No. 2 Caroline Spring
Independence Creek Preserve
A bearded man was busy trapping small birds in a cage. They were brown-headed cowbirds, brood parasites that leave their chicks to be raised in others’ nests. The man was Corbin Neill, the manager of Independence Creek Preserve, a 20,000-acre area about halfway between San Antonio and El Paso that’s owned by the Nature Conservancy. Strange as it was to find a conservationist snaring birds like this, Neill had a simple explanation: managing the cowbird population improves the reproductive rates of songbirds on the property, including those of the black-capped vireo, a shy and elusive federally protected species. He paused to release a red-winged blackbird that had mistakenly been caught, then turned his attention back to trapping cowbirds. Neill meant business.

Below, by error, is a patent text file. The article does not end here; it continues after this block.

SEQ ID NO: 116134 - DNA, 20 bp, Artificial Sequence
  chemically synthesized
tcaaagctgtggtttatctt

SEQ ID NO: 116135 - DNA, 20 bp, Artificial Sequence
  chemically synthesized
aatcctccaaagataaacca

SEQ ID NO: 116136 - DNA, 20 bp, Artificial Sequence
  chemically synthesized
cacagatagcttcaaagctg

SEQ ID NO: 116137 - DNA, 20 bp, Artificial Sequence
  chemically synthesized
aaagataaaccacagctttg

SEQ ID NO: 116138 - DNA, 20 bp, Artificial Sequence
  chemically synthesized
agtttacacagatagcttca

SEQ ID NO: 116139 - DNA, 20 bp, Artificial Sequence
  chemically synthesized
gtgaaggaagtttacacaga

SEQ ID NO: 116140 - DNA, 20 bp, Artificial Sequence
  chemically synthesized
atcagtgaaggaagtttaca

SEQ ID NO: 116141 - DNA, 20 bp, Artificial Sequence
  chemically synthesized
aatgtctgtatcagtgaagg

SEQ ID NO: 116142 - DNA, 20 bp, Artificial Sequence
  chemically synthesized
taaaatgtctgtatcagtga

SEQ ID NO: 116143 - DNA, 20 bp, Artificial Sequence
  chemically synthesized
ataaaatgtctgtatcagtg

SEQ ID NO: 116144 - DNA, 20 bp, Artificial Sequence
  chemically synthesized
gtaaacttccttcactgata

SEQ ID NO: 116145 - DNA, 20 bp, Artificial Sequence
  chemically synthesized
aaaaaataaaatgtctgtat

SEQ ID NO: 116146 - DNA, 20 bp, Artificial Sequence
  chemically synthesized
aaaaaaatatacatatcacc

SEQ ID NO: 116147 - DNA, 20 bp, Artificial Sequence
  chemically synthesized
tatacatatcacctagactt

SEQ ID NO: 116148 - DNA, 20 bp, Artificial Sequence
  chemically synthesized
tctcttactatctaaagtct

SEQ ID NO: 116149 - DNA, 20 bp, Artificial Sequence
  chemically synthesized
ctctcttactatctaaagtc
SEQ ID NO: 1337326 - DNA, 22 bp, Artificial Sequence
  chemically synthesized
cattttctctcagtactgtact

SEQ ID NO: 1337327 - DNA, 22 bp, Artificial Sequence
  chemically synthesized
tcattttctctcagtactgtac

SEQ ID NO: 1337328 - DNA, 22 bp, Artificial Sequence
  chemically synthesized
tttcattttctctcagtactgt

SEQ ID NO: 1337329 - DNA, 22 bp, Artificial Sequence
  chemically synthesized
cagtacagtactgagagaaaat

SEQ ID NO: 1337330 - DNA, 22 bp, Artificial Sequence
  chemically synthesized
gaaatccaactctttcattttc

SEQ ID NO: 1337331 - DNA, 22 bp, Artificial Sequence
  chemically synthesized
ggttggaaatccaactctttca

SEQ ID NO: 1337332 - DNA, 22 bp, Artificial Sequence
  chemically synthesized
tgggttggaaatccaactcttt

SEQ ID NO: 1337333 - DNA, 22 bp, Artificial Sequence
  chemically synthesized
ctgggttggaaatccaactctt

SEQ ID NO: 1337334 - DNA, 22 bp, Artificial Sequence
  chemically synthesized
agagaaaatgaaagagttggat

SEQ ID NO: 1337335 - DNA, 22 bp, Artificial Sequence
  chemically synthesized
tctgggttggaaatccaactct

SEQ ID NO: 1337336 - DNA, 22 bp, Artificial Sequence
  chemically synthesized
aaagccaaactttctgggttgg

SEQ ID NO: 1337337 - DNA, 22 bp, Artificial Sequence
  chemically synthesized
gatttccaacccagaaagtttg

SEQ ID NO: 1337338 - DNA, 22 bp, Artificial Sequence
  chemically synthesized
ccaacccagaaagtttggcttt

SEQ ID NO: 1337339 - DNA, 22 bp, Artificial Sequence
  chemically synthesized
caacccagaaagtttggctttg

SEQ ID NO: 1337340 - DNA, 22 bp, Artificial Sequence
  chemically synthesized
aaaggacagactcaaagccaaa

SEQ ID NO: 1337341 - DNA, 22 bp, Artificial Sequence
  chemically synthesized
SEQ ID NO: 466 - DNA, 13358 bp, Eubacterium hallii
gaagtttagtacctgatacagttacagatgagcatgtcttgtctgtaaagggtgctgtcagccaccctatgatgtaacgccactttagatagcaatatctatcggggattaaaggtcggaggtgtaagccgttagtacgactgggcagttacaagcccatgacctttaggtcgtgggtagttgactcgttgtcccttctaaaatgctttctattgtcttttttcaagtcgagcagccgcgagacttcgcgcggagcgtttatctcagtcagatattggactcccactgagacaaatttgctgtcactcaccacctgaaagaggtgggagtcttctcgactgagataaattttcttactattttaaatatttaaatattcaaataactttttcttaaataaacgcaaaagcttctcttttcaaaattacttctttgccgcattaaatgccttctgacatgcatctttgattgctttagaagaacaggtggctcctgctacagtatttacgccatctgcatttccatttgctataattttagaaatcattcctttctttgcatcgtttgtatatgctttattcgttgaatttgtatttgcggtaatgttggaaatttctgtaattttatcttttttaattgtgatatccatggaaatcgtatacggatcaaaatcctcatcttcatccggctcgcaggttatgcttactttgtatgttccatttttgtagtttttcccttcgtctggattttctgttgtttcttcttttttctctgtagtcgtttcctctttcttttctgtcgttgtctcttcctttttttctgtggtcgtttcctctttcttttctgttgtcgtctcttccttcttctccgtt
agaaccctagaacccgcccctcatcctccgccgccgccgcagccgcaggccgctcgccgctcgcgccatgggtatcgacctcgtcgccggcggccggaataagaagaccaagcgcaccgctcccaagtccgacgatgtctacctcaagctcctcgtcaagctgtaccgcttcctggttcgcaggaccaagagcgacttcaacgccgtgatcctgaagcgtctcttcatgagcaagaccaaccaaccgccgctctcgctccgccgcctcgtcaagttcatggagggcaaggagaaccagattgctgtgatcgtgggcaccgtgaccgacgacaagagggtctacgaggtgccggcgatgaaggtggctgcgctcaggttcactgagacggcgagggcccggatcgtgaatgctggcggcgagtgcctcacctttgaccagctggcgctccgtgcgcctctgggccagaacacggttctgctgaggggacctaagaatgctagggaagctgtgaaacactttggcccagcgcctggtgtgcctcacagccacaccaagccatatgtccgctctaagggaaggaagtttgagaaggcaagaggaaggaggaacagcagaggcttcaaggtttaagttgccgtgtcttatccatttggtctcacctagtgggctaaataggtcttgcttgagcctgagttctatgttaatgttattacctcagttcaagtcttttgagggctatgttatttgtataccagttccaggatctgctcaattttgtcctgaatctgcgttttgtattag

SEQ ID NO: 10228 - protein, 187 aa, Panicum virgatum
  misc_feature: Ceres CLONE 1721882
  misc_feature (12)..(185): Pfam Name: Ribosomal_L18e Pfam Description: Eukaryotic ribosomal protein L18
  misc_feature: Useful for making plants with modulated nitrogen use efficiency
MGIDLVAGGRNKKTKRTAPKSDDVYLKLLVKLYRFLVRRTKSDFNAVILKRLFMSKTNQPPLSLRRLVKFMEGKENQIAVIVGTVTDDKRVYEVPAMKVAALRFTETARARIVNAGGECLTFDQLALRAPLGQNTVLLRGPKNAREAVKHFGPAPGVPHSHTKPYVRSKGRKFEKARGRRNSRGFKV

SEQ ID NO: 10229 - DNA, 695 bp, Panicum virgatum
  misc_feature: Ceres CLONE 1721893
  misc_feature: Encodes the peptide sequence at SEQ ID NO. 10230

So does the Nature Conservancy. The preserve is one of 39 properties the national environmental group owns and manages in Texas, where its efforts have protected a landmass equal to the size of Rhode Island. Here, where the Hill Country gives way to Chihuahuan wilderness, juniper stands share canyons with desert scrub, while plateau grasslands help sustain whitetail deer, wild turkey, and quail. I saw this wildlife—and more—as I camped by the clear, cool waters of Independence Creek, but the real showstopper was Caroline Spring, whose five thousand gallons per minute feed the creek and recharge the Pecos River below. Thanks to a series of weirs, the spring also feeds an eleven-acre lake, whose emerald waters I found as intriguing as my lesson in bird population control.
Getting There: From Sheffield, travel 22 miles south on U.S. 349. Independence Creek Preserve is open to the public on select weekends only; go to nature.org/texas for dates. Registration required for campers. Free.